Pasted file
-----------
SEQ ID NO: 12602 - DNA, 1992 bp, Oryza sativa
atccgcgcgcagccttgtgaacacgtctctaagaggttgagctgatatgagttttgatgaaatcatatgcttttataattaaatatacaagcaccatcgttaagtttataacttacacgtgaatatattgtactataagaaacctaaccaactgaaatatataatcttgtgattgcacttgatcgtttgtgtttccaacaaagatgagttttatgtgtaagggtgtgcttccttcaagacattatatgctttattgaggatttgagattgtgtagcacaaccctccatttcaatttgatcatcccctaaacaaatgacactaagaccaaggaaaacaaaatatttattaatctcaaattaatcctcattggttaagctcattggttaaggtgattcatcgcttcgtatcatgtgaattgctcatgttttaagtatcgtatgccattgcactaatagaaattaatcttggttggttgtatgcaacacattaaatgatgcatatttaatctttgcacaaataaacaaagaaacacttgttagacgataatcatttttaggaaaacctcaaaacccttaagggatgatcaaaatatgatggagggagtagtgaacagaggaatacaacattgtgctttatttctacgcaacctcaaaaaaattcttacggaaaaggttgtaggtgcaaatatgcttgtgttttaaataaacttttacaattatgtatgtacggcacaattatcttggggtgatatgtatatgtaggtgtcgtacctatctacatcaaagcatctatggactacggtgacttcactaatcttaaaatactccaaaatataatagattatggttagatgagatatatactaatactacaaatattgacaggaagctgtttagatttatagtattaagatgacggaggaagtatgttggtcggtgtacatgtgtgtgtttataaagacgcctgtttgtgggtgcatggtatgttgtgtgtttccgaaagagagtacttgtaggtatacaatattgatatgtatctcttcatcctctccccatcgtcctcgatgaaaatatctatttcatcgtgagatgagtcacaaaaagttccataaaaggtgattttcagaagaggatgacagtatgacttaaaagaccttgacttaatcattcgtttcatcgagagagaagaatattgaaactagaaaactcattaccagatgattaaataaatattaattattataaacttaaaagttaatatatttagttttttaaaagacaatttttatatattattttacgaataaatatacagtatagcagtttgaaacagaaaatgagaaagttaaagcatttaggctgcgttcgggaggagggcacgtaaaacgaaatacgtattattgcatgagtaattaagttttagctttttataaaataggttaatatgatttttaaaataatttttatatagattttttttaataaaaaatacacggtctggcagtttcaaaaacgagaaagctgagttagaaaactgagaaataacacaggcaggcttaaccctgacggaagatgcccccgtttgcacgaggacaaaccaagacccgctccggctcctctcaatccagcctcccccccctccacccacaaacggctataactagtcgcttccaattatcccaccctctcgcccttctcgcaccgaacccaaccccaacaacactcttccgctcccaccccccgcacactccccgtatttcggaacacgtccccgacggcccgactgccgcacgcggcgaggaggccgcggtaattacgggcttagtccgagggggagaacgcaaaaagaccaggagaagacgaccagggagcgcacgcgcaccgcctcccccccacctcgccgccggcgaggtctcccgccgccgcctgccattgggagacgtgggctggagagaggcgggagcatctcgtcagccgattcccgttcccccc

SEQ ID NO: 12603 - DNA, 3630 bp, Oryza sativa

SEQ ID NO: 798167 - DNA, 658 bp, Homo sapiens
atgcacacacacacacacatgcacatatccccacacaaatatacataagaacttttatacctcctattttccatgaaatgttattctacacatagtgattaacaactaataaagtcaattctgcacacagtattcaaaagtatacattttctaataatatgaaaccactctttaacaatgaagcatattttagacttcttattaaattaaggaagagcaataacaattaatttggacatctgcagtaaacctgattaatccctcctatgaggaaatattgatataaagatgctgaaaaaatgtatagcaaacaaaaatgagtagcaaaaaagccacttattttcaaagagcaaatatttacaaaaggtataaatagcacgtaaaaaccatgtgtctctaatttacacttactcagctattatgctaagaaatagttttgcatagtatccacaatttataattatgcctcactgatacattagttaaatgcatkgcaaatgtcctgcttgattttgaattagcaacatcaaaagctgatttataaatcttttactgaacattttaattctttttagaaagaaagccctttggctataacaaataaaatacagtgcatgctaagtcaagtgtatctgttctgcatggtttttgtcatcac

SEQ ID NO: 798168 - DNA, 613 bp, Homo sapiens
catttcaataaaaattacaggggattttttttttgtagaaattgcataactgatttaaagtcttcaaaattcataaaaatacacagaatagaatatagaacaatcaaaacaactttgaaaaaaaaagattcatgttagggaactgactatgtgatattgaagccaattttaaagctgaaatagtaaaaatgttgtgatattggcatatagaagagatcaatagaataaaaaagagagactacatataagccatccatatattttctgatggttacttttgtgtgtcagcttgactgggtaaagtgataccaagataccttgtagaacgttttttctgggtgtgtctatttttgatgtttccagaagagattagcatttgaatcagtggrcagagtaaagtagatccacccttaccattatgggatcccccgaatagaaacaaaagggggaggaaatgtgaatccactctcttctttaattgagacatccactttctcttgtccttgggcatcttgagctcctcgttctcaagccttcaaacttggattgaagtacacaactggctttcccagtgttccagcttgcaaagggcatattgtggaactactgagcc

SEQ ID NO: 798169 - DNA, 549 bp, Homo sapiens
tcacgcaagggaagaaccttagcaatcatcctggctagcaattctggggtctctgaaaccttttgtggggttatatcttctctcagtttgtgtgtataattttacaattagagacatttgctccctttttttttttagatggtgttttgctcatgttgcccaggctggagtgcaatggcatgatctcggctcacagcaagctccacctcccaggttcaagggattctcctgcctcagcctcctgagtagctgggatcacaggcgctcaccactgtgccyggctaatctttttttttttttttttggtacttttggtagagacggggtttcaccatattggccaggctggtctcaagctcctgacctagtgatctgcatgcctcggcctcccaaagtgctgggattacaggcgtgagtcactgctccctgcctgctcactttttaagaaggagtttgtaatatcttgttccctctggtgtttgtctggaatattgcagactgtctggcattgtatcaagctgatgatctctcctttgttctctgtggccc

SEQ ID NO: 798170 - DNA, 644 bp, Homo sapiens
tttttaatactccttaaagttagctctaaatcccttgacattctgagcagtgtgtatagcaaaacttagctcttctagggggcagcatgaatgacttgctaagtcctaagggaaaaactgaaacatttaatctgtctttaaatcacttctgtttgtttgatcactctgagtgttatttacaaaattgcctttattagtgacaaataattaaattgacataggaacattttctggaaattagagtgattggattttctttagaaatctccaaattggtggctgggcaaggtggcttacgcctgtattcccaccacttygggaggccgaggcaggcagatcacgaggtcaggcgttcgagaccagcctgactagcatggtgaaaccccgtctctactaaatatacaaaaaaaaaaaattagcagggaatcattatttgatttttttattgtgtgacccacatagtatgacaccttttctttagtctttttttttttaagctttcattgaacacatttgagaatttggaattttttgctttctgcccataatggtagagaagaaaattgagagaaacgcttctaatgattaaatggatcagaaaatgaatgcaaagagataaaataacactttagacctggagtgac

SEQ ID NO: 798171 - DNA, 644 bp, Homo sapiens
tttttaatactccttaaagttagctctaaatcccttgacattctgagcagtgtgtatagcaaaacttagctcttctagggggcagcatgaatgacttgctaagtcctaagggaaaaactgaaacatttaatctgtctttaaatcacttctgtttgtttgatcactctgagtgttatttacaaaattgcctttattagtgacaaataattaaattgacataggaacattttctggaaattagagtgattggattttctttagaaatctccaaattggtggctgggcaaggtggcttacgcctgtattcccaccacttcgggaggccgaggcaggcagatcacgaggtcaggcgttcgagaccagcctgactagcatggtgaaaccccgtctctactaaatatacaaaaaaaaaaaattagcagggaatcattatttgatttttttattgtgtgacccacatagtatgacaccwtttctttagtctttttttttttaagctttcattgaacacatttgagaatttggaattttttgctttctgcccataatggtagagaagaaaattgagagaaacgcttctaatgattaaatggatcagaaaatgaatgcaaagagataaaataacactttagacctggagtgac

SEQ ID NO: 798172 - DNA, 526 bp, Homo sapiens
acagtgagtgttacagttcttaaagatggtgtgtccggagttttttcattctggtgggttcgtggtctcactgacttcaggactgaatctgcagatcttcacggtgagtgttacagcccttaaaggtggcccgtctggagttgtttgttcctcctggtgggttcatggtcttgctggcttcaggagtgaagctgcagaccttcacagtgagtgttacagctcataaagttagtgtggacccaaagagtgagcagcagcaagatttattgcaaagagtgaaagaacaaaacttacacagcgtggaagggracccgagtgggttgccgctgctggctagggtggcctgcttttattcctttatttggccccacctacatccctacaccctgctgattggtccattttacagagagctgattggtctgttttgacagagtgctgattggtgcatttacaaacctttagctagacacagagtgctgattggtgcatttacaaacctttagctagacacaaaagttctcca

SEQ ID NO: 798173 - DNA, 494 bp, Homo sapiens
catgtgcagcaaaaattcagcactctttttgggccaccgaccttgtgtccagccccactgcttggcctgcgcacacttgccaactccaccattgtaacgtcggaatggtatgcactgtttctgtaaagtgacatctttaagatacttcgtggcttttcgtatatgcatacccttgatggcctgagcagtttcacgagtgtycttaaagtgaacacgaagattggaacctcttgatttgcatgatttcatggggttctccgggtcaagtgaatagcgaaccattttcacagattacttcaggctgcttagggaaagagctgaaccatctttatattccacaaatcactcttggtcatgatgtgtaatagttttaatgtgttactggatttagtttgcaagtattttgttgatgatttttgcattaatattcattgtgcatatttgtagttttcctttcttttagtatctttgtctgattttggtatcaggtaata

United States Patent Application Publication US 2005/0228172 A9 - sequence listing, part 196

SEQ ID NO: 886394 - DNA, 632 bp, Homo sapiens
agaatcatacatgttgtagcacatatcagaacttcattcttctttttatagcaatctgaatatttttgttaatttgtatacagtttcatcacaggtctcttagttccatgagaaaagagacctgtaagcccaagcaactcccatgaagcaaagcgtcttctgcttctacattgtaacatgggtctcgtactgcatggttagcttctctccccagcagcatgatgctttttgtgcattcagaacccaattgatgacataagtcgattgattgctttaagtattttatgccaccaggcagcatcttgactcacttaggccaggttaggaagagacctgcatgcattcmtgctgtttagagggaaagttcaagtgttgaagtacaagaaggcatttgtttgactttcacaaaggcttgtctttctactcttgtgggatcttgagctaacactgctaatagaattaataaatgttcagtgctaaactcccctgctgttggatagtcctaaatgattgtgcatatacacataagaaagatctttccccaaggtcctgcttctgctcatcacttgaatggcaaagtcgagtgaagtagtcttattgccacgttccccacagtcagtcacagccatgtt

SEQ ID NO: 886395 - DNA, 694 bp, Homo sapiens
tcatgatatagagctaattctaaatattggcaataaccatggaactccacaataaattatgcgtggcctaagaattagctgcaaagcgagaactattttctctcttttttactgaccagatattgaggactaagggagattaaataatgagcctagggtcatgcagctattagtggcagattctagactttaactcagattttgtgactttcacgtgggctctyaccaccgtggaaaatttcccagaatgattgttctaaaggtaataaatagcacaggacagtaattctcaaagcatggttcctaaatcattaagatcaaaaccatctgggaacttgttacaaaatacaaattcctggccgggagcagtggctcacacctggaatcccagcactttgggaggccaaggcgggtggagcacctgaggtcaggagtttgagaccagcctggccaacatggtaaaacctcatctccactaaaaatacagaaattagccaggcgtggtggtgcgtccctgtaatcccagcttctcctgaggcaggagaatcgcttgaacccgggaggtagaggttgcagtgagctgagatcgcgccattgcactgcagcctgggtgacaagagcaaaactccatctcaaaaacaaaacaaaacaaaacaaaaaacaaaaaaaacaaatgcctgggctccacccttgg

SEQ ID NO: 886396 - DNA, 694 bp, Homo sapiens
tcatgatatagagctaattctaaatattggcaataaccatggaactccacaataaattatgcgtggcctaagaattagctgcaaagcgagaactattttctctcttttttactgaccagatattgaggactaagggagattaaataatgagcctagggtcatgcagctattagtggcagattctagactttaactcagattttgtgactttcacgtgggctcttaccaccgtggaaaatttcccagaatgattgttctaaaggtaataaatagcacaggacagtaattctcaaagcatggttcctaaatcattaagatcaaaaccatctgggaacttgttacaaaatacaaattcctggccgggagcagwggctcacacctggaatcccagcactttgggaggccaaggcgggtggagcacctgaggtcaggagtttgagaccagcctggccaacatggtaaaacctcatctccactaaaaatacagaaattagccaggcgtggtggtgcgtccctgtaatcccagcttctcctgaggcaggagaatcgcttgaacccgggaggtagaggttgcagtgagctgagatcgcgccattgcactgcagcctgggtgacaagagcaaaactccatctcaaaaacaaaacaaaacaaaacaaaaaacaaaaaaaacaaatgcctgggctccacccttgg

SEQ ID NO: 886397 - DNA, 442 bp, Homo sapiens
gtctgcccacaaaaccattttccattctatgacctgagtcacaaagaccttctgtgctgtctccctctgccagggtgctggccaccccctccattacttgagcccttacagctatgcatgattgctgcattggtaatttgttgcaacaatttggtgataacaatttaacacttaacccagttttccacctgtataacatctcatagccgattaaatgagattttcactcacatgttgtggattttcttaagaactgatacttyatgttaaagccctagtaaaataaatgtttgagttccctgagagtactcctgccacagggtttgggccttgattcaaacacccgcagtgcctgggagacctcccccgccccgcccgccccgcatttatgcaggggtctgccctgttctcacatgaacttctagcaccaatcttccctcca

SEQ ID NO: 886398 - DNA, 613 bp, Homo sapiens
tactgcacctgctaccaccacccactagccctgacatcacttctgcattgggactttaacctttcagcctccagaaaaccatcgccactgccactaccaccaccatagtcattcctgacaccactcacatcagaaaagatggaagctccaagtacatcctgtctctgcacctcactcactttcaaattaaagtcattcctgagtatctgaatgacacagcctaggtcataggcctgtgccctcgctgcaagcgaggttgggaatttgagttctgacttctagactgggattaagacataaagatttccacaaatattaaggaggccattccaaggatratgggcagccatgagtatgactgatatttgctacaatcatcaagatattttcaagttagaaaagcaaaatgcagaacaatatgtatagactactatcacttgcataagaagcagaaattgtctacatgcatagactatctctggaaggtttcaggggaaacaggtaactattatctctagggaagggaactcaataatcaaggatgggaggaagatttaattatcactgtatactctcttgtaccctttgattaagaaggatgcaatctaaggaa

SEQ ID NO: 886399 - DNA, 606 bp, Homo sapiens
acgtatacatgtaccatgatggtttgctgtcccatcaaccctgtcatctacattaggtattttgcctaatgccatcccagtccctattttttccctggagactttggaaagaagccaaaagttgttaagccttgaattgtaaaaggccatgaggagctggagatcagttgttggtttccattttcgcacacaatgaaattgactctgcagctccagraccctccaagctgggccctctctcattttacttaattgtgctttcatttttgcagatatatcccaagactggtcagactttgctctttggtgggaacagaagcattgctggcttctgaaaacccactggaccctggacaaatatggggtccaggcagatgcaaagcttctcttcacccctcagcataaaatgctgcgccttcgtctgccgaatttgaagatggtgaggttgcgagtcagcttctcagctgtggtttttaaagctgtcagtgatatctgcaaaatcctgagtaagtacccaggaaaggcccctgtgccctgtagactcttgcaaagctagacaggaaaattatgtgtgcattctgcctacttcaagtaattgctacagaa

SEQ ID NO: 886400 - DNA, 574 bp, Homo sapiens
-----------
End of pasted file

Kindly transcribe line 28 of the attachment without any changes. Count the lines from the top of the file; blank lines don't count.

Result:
tactgcacctgctaccaccacccactagccctgacatcacttctgcattgggactttaacctttcagcctccagaaaaccatcgccactgccactaccaccaccatagtcattcctgacaccactcacatcagaaaagatggaagctccaagtacatcctgtctctgcacctcactcactttcaaattaaagtcattcctgagtatctgaatgacacagcctaggtcataggcctgtgccctcgctgcaagcgaggttgggaatttgagttctgacttctagactgggattaagacataaagatttccacaaatattaaggaggccattccaaggatratgggcagccatgagtatgactgatatttgctacaatcatcaagatattttcaagttagaaaagcaaaatgcagaacaatatgtatagactactatcacttgcataagaagcagaaattgtctacatgcatagactatctctggaaggtttcaggggaaacaggtaactattatctctagggaagggaactcaataatcaaggatgggaggaagatttaattatcactgtatactctcttgtaccctttgattaagaaggatgcaatctaaggaa